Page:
Calcium supplementation educes sporadic colorectal adenoma recurrence, and higher serum vitamin D levels are associated with reduced risk for colorectal cancer, the second leading cause of cancer deaths in the U.S. Despite strong biological plausibility and supportive observational data, the independent and synergistic anti- neoplastic effects of calcium and vitamin D in humans are not clear. Proposed mechanisms have included protection of the colonic epithelium against bile acids, direct effects on the cell cycle, modulation of growth factors signaling, inflammation, and immune function. Based on basic science and limited human evidence, we propose to test a novel hypothesis that calcium and vitamin D supplementation strengthens the gut mucosal barrier as indicated by modulation of cell cycle, cell adhesion, receptors responsive to bacterial components, and markers of intestinal inflammation in humans. We also hypothesize that these changes in the colon will be accompanied by decreases in circulating levels of biomarkers of colonic hyperpermeability and pro-inflammatory cytokines. We will investigate this in an adjunct study to an ongoing multi-center, randomized, double-blind, placebo-controlled, 2 x 2 factorial chemoprevention clinical trial (n = 2,259) of supplemental calcium (1,200 mg elemental calcium daily as calcium carbonate) and vitamin D3 (1,000 IU daily), alone and in combination vs. placebo over 3 - 5 years (the 'parent study'). A sub-set of participants (n = 112) with "non-prep" biopsies of normal-appearing rectal mucosa taken at baseline and 1-year follow-up sigmoidoscopies is selected for this adjunct study. The primary aims of the proposed study are to 1) obtain preliminary data on the separate and joint effects of calcium and vitamin D3 supplementation on biomarkers of gut barrier function (Ki-67/MIB-1, caspase-3, TLR4, TLR5, ZO-1, claudin-1, occludin, mucin-17, E-cadherin, and beta-catenin) and inflammation (NFkappaB and TNFalpha) in biopsies of normal-appearing rectal mucosa, and 2) investigate whether the findings for the tissue-specific biomarkers are correlated with circulating biomarkers of gut barrier function (specific IgG and IgA to lipopolysaccharide [LPS] and flagellin, LPS binding protein [LBP], and intestinal fatty acid binding protein [I-FABP]) and inflammation (GM-CSF, IFNgamma, IL-6, IL-1beta, IL-2, IL-8, IL- 10, IL-12p70, and TNFalpha). The proposed scope of work is limited to laboratory and statistical analyses using biological samples and questionnaire data from the 'parent study'. This adjunct study offers a unique, cost-effective opportunity in a large, ongoing trial in humans to explore a novel hypothesis that calcium and vitamin D beneficially modulate gut barrier function, and to elucidate the combined effects of calcium and vitamin D on biomarkers of gut barrier function and inflammation. Understanding the role of vitamin D and calcium in gut barrier function is of great importance, not only to colorectal neoplasm chemoprevention, but also to the prevention of multiple pathological conditions of the gastrointestinal tract.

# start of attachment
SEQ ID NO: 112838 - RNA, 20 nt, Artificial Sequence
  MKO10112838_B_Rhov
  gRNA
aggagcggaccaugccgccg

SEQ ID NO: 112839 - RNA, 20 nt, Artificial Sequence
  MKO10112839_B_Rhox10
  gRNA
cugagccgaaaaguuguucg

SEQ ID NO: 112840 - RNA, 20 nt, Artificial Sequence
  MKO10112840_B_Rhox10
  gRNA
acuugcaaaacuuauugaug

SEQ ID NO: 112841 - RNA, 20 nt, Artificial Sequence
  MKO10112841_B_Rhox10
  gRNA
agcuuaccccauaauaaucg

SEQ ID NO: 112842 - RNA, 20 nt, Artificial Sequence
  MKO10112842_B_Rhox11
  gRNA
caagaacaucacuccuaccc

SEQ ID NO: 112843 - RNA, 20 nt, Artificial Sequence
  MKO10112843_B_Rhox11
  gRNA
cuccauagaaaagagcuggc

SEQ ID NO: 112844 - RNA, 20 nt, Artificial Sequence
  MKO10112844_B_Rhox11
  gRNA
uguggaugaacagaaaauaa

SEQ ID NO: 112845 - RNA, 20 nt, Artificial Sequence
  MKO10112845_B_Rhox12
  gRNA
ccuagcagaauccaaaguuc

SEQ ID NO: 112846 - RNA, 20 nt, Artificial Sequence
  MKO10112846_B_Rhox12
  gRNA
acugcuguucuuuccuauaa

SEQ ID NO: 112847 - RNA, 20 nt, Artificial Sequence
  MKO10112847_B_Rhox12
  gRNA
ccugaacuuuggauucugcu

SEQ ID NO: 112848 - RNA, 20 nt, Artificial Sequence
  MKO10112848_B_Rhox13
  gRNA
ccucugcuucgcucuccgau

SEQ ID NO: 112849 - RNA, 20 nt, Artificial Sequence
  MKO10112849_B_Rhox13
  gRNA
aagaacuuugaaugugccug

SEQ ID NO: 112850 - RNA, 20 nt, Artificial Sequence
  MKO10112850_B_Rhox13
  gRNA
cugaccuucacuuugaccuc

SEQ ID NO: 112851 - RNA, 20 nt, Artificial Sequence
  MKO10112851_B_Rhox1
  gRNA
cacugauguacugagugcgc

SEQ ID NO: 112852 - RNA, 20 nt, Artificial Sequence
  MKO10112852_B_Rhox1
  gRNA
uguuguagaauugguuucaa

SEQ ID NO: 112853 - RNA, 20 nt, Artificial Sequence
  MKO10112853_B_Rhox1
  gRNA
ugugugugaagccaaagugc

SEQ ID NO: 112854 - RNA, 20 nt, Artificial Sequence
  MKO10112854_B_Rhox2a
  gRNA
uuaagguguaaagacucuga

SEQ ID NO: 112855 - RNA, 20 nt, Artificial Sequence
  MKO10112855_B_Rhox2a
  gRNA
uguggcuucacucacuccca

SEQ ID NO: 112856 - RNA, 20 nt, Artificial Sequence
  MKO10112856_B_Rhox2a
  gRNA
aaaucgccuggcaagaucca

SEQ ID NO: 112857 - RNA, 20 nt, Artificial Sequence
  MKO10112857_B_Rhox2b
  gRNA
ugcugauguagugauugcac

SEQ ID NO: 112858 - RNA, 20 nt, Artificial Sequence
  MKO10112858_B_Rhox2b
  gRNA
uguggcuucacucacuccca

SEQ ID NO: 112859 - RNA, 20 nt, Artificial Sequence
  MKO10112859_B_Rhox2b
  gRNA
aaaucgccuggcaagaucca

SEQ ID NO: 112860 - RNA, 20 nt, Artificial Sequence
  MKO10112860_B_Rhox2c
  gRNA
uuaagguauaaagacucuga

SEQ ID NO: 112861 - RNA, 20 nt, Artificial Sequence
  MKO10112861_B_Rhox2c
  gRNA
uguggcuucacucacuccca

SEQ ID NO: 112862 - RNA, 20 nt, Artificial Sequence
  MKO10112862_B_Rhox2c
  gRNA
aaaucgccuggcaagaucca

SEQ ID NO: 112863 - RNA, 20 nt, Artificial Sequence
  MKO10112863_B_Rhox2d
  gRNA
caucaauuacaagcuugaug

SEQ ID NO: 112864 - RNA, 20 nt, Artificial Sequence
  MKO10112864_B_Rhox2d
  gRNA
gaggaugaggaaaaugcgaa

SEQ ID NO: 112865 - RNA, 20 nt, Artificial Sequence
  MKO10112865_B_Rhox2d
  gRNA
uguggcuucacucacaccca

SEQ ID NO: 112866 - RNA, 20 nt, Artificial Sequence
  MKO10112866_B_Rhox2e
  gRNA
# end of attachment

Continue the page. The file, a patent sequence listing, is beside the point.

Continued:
We will test in humans at increased risk for colorectal cancer whether calcium and vitamin D can strengthen colorectal barriers against bacteria and reduce inflammation, which could lead to lower risk for colorectal tumors. To do this we will use blood and rectal biopsy samples and data from a large clinical trial of supplemental vitamin D and calcium in persons who have had pre-cancerous colon polyps. If our ideas are correct, it would be like proving that blood cholesterol and pressure can be treated with simple dietary changes and lead to preventing heart disease.